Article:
On the road
GO-TO TRAVEL GAMES
5 Travel games beyond 20 Questions for your parenting playbook
I recently read the book The Secrets of Happy Families by Bruce Feiler. It’s a kind of parent playbook that suggests research-based, family-tested strategies for dealing with everything from letting kids pick their own punishments to injecting more fun into family life.
As a travel writer and editor, I especially was interested in the chapter concerning making family travel more enjoyable.
To get ideas for new and better family travel games, Feiler visited Zynga, a leading developer of the world’s most popular social games. Perhaps you’ve played a few of their creations: FarmVille, Zynga Poker or Words with Friends.
The team at Zynga explained to Feiler that good games need to:
- Set a clear goal
- Establish rules
- Give feedback, like scoring
- Be voluntary
Zynga gamers then shared their ideas for successful travel games:
“I’m thinking of a time when…”
This game is a different take on 20 Questions. One player thinks of a specific moment on a shared family trip, and the others try to guess that moment. The beauty of this game is that it allows families to relive shared experiences. “Remember the time your brother threw up at that Wendy’s restaurant in Utah?” “Remember the time when the RV overheated on our way to Black Canyon of the Gunnison National Park?” “Remember the time when Dad broke the record at that soccer golf place in Thailand?” My boys love this game, and we often play it while waiting at a restaurant or in the car.
Let’s Tell a Story
In this game, players create a new world. One person starts by telling a story. After a few lines, the story passes to the next player, who continues the story. See how long and how elaborate the story can become. You can also assign points to people, based on how well their passages fit into the overall tale.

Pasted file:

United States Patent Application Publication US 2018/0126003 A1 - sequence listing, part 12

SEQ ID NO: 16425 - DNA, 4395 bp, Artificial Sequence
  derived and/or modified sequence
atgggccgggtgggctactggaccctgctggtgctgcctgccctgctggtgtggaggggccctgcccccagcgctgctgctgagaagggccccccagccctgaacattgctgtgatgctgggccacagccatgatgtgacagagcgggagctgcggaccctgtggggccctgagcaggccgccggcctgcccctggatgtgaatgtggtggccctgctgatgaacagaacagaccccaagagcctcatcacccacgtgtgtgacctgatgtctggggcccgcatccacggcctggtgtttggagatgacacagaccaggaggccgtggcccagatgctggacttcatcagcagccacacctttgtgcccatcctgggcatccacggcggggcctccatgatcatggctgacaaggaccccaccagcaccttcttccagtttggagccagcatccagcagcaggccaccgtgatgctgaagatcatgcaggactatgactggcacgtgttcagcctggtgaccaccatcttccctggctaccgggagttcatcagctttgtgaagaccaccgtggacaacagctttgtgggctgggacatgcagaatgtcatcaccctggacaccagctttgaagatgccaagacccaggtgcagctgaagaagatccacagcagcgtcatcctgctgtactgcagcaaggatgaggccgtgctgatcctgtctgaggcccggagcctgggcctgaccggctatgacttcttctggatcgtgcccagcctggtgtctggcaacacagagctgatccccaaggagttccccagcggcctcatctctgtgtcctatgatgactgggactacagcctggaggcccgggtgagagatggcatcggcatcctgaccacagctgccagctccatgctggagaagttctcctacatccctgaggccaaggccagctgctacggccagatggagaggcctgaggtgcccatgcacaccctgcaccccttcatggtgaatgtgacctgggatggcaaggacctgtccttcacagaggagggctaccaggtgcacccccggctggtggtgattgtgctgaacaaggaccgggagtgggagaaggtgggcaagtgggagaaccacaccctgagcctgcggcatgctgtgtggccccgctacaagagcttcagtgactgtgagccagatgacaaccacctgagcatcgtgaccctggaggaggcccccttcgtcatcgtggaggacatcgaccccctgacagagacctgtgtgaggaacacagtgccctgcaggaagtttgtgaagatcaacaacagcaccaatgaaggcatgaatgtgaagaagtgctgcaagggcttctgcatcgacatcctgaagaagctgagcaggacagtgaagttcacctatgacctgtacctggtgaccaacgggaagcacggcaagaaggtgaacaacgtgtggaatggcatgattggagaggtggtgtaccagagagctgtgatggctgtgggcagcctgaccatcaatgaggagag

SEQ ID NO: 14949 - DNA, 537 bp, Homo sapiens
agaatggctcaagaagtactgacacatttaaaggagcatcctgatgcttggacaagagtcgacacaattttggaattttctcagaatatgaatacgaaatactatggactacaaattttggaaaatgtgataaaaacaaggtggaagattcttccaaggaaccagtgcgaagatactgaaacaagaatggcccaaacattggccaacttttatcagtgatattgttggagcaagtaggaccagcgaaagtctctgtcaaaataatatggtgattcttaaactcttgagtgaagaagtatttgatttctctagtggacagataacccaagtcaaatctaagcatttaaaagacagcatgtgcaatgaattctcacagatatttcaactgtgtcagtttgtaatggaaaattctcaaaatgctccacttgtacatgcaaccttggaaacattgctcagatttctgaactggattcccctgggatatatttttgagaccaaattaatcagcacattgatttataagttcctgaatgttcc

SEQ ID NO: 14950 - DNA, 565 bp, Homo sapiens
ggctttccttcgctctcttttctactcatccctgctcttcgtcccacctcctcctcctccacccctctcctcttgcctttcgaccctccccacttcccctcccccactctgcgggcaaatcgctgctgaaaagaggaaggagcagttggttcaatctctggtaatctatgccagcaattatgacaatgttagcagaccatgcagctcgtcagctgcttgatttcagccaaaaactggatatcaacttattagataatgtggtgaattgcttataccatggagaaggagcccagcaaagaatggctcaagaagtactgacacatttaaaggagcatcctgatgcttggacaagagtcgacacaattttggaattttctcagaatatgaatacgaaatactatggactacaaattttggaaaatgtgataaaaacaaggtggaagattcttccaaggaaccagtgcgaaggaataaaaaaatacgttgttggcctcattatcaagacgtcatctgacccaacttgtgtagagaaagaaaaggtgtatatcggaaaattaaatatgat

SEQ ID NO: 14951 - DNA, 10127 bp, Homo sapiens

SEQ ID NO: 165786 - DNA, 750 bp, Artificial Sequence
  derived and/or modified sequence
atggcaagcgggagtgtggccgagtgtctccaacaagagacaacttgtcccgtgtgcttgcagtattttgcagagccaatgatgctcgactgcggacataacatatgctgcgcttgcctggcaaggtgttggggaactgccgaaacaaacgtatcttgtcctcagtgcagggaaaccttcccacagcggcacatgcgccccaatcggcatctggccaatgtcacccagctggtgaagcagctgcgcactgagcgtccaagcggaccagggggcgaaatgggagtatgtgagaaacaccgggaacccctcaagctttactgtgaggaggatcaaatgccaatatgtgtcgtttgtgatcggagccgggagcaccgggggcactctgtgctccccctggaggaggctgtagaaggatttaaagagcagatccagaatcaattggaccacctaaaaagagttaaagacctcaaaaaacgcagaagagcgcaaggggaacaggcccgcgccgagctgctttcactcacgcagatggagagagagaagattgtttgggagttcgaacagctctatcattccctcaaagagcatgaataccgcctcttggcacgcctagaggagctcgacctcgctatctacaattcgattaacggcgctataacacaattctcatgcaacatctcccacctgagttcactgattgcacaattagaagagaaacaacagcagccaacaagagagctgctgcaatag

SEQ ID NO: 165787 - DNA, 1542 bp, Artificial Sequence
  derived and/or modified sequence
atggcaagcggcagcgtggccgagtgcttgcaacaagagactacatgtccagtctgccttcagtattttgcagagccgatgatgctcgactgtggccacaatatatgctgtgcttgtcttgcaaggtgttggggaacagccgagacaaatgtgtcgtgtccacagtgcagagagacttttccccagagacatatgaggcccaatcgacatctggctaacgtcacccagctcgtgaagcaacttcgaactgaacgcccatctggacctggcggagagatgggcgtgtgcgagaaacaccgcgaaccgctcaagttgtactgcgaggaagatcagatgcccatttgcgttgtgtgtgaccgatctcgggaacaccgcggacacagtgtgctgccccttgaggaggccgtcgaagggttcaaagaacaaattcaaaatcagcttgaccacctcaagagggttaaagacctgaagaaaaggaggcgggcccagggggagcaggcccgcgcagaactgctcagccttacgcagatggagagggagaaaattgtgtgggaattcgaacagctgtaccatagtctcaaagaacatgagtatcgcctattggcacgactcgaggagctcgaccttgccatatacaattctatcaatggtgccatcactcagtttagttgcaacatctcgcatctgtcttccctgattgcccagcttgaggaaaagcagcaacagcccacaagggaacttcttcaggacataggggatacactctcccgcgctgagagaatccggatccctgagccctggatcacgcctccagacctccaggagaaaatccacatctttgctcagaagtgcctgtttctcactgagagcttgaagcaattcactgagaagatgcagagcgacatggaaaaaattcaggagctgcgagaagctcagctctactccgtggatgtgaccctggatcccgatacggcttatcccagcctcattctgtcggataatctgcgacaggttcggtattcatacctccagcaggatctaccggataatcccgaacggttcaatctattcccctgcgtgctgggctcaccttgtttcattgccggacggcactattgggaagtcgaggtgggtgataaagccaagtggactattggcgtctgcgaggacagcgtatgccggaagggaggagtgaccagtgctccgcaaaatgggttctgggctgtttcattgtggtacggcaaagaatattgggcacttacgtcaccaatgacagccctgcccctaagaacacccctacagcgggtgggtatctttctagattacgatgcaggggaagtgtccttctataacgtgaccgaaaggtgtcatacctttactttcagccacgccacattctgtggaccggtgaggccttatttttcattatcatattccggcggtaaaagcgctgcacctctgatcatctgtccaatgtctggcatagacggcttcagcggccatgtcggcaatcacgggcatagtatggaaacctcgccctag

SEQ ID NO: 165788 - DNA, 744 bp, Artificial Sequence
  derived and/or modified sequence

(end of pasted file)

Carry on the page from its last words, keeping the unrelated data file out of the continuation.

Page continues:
Send the kids off on a mission: “You have to collect three straws from Starbucks and two luggage tags. Then you need to introduce yourself to one new person in this row of seats and get his or her business card. Complete the mission and you get five points.” Then you can escalate the game: “Ok, it took you 15 steps to walk to the drinking fountain. Cut your steps in half and earn five extra points.” When the players earn enough points, they receive a reward.
“Tell me about her…”
Choose one of your fellow waiting passengers. Then challenge your kids to (quietly) create that person’s story. How well can they use clues like (1) what she’s wearing, (2) what she packed or (3) what they overheard her saying to her neighbor to put the pieces together? This game is a great way for your kids to use their imagination.
This game is more elaborate and takes some creativity on the part of the game maker. During your entire trip, you play a game similar to the one on television’s Amazing Race. There’s a structure and rhythm with different challenges designed to play to different people’s strengths. You can create teams, perhaps between the siblings that are always fighting and are now bonded together in a new alliance. The tasks are both easy and difficult, so there’s a mix of success and failure. For example, if you’re in Amsterdam, challenge your kids to climb all the letters in the I amsterdam sign in under three minutes. (See video inspiration here.) At the end of the game, the winner could receive something as simple as $10 to spend at the gift shop or an ice cream sundae. They won’t remember the prize; they’ll remember the fun that they had engaging with their new surroundings and each other.
For more parenting tips, read The Secrets of Happy Families by Bruce Feiler.
Editor Shellie Bailey-Shah lives in Portland, Oregon, with her husband and two competitive, game-loving sons.